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The Effects of Conditional Cash Transfers on BMI and Blood Pressure in Adults

Development Challenge

Undernutrition has long been a fundamental issue in low-resource settings. While it remains a problem today, many countries in the developing world have seen simultaneous, paradoxical rises in rates of obesity and non-communicable diseases, such as hypertension [1][2]. Conditional cash transfer (CCT) programs are often lauded for their success in alleviating poverty and improving child health and education outcomes.  However, there is no evidence on the effect of CCTs on adult health.


Mexico’s 2006 National Nutrition and Health Survey found that 67 percent of males and 72 percent of females were overweight or obese.  Diabetes and hypertension rates were also high [3]. Previous research of low-income adults in Mexico has linked higher socioeconomic status to higher rates of obesity [4].

Oportunidades (originally Progresa), a Mexican conditional cash transfer program, launched in 1997 to eliminate extreme poverty and improve health and education outcomes. The cash transfers, conditional on receiving preventative medical services or school attendance, successfully improved child health and development outcomes; however, the effects on adult health outcomes remained unstudied.

Evaluation Strategy

Oportunidades was randomly rolled out across 506 communities in seven states. In 1997 there were 320 treatment and 186 comparison communities. After 18 months the 186 comparison communities were later enrolled in the program. The study used a stepped-wedge design to incorporate the comparison communities into treatment. The researchers collected anthropometric measures in 2003 to merge with Oportunidades’ administrative records. The primary health outcomes measured included body mass index (BMI), diastolic blood pressure (DBP), systolic blood pressure (SBP), and current uncontrolled hypertension [5]. Self-reported distance able to walk – a proxy of self-reported health – was also measured.  

Due to the absence of early anthropomorphic data, the researchers did not compare beneficiaries to non-beneficiaries.  Rather, researchers exploited the magnitude of the cash transfers received to statistically identify effects on adult health outcomes.

Results and Policy Implications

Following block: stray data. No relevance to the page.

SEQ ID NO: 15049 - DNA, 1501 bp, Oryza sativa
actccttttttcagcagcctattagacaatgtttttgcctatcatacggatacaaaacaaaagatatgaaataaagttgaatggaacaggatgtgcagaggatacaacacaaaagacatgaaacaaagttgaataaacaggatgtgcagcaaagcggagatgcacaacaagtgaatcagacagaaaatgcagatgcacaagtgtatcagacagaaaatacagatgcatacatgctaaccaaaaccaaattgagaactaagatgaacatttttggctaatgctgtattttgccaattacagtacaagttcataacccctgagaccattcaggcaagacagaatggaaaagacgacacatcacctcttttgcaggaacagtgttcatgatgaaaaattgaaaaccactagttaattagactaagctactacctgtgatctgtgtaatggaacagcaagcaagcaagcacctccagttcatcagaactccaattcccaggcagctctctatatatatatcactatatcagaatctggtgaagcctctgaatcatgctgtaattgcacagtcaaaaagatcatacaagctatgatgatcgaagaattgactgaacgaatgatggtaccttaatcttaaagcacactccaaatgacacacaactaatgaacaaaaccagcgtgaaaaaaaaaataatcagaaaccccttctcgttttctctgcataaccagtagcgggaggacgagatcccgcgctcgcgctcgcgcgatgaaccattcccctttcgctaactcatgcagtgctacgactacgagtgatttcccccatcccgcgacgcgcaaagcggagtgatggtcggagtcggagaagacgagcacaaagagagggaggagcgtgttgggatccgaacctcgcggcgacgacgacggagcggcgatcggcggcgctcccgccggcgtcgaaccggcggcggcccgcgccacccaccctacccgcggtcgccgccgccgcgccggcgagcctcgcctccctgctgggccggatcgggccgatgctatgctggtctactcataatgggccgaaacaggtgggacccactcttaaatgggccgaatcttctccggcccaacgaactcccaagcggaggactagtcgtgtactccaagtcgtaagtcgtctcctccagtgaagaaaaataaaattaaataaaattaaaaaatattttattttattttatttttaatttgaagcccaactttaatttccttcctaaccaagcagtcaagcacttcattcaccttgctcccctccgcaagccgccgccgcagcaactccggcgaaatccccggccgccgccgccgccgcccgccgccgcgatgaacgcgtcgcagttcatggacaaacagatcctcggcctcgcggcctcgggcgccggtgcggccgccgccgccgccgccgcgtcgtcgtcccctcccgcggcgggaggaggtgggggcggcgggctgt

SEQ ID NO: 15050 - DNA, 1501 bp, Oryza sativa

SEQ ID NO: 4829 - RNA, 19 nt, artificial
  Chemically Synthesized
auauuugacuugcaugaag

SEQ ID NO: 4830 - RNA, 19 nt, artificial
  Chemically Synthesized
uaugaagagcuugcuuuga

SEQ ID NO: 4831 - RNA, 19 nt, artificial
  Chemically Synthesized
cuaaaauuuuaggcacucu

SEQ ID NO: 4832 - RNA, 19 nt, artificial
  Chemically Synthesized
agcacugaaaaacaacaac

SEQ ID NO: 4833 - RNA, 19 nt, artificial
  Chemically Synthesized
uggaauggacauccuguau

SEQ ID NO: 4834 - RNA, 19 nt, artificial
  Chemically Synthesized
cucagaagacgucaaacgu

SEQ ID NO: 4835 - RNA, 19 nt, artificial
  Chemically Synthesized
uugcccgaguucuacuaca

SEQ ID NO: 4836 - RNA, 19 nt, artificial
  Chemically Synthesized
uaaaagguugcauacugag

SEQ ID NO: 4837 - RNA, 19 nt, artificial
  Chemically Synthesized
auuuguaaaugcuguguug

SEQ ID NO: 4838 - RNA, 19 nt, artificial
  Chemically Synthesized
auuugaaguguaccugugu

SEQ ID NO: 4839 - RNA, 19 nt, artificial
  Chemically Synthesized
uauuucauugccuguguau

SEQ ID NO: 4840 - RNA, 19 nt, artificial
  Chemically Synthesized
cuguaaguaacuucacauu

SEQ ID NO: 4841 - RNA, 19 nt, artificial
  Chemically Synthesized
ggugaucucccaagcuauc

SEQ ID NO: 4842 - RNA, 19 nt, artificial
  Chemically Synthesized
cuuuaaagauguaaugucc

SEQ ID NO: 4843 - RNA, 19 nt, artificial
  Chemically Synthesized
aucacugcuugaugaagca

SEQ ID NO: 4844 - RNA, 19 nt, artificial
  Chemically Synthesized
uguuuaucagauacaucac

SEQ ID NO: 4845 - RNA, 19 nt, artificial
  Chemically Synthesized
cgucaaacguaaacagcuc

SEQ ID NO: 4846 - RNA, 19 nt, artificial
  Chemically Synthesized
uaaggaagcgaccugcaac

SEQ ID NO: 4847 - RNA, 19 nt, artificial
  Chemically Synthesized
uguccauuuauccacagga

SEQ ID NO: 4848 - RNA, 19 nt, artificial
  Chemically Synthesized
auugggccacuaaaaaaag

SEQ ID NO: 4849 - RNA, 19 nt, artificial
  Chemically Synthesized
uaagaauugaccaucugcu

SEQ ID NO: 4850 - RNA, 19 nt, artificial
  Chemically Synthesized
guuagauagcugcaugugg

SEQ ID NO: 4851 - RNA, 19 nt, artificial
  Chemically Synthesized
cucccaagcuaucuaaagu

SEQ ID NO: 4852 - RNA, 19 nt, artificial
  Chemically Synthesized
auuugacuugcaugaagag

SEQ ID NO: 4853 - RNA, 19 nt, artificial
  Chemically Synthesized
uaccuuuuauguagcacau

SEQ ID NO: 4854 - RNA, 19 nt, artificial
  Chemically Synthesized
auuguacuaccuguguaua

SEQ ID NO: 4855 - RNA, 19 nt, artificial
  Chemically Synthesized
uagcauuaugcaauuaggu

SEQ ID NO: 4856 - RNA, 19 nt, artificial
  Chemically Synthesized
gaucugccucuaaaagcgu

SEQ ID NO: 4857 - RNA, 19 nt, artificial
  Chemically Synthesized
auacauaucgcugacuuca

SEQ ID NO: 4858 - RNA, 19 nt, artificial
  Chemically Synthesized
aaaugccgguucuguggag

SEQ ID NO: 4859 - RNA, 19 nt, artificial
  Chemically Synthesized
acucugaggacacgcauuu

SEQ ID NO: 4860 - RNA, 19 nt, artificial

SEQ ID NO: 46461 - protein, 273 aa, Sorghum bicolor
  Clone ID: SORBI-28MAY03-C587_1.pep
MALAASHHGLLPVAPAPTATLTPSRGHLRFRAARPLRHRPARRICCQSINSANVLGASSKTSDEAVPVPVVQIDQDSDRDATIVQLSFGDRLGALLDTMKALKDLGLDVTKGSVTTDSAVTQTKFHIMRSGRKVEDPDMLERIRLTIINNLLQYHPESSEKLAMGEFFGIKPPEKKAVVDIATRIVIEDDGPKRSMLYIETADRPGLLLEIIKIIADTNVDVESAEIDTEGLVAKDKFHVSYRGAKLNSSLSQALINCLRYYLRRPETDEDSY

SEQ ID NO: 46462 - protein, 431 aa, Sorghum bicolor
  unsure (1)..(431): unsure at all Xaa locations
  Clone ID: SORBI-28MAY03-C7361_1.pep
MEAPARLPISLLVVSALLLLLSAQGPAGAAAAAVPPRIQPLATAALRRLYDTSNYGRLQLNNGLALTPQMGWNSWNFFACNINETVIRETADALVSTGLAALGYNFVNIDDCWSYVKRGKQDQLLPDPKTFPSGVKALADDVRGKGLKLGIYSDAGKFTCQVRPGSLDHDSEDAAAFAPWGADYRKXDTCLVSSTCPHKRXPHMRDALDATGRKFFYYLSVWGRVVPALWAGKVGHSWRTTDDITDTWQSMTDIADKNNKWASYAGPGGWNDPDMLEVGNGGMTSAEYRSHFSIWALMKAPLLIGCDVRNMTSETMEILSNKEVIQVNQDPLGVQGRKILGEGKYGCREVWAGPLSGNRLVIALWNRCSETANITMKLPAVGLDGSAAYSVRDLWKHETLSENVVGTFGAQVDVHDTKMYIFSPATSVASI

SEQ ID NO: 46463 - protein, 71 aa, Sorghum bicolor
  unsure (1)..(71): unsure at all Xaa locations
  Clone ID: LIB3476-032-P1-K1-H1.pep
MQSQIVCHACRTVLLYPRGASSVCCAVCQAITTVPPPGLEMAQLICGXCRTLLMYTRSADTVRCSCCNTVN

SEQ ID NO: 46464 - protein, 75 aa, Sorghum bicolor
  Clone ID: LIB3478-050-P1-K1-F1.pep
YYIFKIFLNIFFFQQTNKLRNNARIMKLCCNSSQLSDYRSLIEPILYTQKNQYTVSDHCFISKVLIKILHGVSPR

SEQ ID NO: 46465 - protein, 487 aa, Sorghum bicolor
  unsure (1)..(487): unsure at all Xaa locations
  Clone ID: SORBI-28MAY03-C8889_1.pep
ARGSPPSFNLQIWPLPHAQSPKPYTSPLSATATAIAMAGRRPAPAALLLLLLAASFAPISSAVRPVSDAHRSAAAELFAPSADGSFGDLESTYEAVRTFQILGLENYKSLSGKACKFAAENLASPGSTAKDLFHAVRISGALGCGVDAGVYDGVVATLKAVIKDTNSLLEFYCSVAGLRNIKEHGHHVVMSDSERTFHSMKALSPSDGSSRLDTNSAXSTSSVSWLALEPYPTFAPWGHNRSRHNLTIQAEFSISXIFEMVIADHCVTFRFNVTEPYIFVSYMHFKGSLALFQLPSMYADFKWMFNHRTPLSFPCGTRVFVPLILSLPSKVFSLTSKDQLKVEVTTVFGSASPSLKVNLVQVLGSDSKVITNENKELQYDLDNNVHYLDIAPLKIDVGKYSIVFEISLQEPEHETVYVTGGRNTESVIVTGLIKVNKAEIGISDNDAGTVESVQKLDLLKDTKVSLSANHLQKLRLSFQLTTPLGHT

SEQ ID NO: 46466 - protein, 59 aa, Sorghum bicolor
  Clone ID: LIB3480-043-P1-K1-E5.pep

Researchers found that participation in Oportunidades was associated with higher BMI, hypertension, and blood pressure. Yet, greater exposure to the program’s requirements – preventative healthcare, regular checkups and attendance at educational seminars – were associated with better health outcomes. Oportunidades participants had a mean BMI above 25, the cutoff for being considered overweight.  Doubling the cumulative cash transfer amount was also highly correlated with obesity and high blood pressure.

In contrast, however, researchers detected no significant associations between CCTs and SBP.  In fact, an additional 18 months of CCTs was associated with an improved ability to walk without tiring. Increased exposure to the program’s conditionalities was associated with a lower prevalence of obesity and hypertension among women, although the results were not statistically significant.

There are several possible explanations.  Increased income leads to greater availability of high fat and energy dense foods, which in turn, contributes to obesity and high blood pressure.  Indeed, studies have documented increased access to high fat food in Mexico [6][7], a finding which supports this hypothesis. Though these results are suggestive of negative effects in adults, they are inconclusive, and the study faces several data limitations.  Notwithstanding, the results suggest that while CCTs may be an important poverty alleviation tool, programs may need to address possible adverse health outcomes for adults.

[1] Popkin, B. M. (2001). The nutrition transition and obesity in the developing world. The Journal of nutrition131(3), 871S-873S.

[2] Rivera JA, Barquera S, Campirano F, Campos I, Safdie M, Tovar V. Epidemiological and nutritional transition in Mexico: rapid increase of non-communicable chronic diseases and obesity. Public Health Nutr. 2002;5:113–22.

[3] Gonzalez Villalpando C, Stern MP, Arredondo Perez B, Valdez R, Mitchell B, Haffner S. Prevalence and detection of hypertension in Mexico. Arch Med Res. 1994;25:347–53.

[4] Fernald LCH.  Socioeconomic status and body mass index in low-income Mexican adults.  Soc Sci Med.  2007;84:274-88.

[5] Current uncontrolled hypertension was defined as DBP ≥ 90 mm Hg or SBP ≥ 140 mm Hg

[6] Bermudez OI, Tucker KL. Trends in dietary patterns of Latin American populations. Cad Saude Publica. 2003;19 Suppl 1:S87–99.

[7] Kain J, Vio F, Albala C. Obesity trends and determinant factors in Latin America. Cad Saude Publica. 2003;19 Suppl 1:S77–86.

Photo Credit: Pedestrian Mall, Mexico City. By Design for Health, via Flickr